Magnetic resonance (MR) images (MRI) are routinely acquired with high in-plane resolution and lower through-plane resolution. Improving the resolution of such data can be achieved through post-processing techniques knows as super-resolution (SR), with various frameworks in existence. Many of these approaches rely on external databases from which SR methods infer relationships between low and high resolution data. The concept of self super-resolution (SSR) has been previously reported, wherein there is no external training data with the method only relying on the acquired image. The approach involves extracting image patches from the acquired image constructing new images based on regression and combining the new images by Fourier Burst Accumulation. In this work, we present four improvements to our previously reported SSR approach. We demonstrate these improvements have a significant effect on improving image quality and the measured resolution.
Accurate CT synthesis, sometimes called electron density estimation, from MRI is crucial for successful MRI-based
radiotherapy planning and dose computation. Existing CT synthesis methods are able to synthesize normal tissues but are
unable to accurately synthesize abnormal tissues (i.e., tumor), thus providing a suboptimal solution. We propose a multiatlas-
based hybrid synthesis approach that combines multi-atlas registration and patch-based synthesis to accurately
synthesize both normal and abnormal tissues. Multi-parametric atlas MR images are registered to the target MR images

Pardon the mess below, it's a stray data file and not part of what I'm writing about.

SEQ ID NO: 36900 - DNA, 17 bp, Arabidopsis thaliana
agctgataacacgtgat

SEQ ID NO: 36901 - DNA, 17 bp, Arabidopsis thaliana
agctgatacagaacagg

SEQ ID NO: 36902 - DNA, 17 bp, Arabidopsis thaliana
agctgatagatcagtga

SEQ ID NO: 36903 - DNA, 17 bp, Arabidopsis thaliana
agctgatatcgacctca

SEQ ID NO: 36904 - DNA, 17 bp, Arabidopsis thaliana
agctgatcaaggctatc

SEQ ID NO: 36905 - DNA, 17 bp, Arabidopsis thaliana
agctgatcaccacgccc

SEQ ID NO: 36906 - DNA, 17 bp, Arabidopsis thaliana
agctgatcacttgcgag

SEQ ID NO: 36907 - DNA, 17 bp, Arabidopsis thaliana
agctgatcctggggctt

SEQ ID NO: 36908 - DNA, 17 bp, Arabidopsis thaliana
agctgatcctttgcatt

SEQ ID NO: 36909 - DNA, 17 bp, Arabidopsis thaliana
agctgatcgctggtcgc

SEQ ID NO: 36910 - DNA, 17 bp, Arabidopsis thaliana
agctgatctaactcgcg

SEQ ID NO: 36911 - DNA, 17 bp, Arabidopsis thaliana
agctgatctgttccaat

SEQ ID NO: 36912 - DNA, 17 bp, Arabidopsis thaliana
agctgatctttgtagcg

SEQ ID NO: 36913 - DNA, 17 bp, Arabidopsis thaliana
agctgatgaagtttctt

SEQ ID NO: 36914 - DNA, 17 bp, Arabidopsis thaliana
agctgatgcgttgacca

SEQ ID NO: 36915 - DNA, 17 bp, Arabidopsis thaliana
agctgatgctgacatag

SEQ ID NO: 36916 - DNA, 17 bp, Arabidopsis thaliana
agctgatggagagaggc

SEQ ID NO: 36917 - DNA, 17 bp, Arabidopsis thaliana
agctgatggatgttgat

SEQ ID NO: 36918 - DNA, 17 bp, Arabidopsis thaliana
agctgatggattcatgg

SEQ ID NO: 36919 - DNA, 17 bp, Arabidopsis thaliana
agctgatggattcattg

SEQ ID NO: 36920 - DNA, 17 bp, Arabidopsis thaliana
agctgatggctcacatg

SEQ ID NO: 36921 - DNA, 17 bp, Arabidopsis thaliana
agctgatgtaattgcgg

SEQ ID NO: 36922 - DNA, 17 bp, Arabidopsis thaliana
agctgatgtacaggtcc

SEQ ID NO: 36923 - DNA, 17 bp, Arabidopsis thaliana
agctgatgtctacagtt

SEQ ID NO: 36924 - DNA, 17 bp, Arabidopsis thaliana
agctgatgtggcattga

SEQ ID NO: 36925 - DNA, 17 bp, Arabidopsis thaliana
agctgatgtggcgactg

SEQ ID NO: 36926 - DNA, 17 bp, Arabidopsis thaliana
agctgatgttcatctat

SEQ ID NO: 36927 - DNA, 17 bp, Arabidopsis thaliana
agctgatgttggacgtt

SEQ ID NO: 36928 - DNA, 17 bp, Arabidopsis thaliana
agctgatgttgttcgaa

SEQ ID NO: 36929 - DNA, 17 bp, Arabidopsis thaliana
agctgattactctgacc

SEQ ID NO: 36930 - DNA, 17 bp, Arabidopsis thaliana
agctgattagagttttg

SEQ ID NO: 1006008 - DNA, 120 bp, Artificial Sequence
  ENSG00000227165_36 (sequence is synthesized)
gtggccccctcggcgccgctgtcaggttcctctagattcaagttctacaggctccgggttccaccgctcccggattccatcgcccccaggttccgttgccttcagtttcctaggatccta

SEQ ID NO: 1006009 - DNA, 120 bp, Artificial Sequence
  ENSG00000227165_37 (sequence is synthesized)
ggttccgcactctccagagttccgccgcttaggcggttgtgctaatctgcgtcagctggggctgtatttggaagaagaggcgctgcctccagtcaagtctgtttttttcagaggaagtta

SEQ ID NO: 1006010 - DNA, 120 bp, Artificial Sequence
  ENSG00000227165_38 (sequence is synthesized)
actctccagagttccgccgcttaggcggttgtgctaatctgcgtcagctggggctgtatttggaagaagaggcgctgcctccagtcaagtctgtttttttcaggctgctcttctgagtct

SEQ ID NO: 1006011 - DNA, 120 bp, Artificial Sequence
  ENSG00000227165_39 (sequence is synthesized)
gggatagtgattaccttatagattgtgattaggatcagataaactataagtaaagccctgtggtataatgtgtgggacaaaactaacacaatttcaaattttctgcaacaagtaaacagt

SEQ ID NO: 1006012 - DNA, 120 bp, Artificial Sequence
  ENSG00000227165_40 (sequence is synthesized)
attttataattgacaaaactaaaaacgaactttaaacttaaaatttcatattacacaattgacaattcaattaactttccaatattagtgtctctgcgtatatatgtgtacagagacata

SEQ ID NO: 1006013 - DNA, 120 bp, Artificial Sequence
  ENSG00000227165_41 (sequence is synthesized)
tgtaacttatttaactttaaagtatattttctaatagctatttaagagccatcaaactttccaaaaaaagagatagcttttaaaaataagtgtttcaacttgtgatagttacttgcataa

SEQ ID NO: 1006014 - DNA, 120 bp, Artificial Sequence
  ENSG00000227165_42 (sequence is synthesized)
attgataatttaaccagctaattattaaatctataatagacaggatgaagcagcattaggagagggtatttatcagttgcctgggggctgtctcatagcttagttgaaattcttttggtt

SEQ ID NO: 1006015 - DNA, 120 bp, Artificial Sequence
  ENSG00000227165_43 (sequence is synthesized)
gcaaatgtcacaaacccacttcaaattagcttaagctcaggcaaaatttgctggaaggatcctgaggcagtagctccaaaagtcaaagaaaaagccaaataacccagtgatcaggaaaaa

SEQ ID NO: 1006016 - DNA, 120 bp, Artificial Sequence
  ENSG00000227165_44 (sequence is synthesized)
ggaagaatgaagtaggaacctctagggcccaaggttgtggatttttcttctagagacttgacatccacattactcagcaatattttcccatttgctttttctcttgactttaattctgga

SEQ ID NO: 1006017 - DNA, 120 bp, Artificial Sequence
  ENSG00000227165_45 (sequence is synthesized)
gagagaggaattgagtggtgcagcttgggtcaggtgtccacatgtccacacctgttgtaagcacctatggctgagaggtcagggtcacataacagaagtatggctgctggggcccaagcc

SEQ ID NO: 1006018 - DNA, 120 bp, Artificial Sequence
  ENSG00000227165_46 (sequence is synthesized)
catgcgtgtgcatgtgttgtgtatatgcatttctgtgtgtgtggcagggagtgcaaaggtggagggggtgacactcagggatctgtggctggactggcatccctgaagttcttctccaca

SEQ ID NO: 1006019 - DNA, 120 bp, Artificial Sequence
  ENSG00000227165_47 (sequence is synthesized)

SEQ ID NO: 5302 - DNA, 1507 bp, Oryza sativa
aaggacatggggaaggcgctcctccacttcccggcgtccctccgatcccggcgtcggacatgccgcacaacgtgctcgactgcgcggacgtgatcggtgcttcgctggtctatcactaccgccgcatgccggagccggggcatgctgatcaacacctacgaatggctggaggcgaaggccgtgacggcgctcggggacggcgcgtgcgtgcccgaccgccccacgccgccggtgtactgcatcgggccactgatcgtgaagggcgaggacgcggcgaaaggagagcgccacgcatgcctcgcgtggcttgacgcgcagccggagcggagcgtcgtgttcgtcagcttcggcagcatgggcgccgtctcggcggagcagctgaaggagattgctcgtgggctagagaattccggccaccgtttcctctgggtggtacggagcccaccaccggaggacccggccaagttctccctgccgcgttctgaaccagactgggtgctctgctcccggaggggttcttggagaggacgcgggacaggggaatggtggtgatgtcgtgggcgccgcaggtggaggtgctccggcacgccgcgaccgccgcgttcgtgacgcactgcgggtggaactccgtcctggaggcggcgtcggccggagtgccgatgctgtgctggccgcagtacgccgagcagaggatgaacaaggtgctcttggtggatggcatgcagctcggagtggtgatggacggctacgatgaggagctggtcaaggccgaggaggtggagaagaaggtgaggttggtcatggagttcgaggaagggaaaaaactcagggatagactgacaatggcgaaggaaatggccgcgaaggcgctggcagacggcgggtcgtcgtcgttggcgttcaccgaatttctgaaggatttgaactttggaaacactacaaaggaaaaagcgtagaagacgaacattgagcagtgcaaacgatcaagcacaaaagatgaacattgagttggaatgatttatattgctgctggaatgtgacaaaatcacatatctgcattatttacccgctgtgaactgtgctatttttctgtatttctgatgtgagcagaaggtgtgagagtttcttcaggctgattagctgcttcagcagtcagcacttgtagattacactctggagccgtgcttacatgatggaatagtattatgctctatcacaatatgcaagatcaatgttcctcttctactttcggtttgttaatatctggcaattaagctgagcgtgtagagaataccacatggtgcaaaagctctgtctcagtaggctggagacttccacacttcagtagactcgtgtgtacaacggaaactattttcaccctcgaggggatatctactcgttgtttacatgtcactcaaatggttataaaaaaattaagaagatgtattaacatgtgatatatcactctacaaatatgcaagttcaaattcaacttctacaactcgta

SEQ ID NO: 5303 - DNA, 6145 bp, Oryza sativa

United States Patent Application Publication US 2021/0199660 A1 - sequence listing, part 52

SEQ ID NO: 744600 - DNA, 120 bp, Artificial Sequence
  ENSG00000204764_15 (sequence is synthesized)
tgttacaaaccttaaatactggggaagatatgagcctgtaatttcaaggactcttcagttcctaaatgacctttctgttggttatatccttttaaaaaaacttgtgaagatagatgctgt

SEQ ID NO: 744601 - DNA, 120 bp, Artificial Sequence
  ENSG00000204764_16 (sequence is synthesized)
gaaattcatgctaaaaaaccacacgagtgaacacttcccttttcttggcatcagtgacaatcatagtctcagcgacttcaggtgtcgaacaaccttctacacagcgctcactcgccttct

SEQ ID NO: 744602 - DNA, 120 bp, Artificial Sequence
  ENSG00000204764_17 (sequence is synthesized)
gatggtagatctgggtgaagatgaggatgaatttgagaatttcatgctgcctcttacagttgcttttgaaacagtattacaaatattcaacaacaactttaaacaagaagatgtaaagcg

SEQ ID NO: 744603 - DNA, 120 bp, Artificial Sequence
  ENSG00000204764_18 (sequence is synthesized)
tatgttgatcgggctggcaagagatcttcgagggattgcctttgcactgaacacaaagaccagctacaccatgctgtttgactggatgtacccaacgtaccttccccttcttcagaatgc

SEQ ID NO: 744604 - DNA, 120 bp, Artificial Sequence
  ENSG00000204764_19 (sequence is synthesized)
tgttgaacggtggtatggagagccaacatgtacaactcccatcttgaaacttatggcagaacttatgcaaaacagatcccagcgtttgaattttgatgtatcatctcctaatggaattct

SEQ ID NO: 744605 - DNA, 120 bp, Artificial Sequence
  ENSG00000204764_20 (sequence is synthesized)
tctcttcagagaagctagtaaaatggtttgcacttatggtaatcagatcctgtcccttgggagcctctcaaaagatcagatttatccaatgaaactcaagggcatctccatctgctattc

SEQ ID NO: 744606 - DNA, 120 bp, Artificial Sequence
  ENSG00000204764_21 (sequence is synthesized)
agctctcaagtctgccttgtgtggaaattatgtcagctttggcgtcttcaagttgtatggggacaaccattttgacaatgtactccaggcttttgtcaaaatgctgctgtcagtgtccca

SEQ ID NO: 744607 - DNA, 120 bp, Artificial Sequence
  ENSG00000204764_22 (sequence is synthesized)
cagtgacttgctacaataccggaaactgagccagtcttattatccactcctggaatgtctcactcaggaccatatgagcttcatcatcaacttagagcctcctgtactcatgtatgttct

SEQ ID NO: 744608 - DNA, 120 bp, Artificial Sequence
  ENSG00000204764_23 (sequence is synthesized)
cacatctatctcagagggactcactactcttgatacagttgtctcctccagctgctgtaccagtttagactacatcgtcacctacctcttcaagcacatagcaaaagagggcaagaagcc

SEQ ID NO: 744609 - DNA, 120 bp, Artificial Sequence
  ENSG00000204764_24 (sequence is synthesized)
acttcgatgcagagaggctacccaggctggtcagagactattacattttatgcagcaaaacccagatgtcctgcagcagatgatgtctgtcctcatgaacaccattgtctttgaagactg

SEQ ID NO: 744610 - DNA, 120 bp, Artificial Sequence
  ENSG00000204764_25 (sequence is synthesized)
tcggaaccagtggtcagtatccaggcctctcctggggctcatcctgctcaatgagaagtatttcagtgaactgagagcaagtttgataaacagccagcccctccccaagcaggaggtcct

by multi-channel deformable registration, from which the atlas CT images are deformed and fused by locally-weighted
averaging using a structural similarity measure (SSIM). Synthetic MR images are also computed from the registered
atlas MRIs by using the same weights used for the CT synthesis; these are compared to the target patient MRIs allowing
for the assessment of the CT synthesis fidelity. Poor synthesis regions are automatically detected based on the fidelity
measure and refined by a patch-based synthesis. The proposed approach was tested on brain cancer patient data, and
showed a noticeable improvement for the tumor region.
This paper presents a theoretical analysis of the effect of spatial resolution on image registration. Based on the assumption of additive Gaussian noise on the images, the mean and variance of the distribution of the sum of squared differences (SSD) were estimated. Using these estimates, we evaluate a distance between the SSD distributions of aligned images and non-aligned images. The experimental results show that by matching the resolutions of the moving and fixed images one can get a better image registration result. The results agree with our theoretical analysis of SSD, but also suggest that it may be valid for mutual information as well.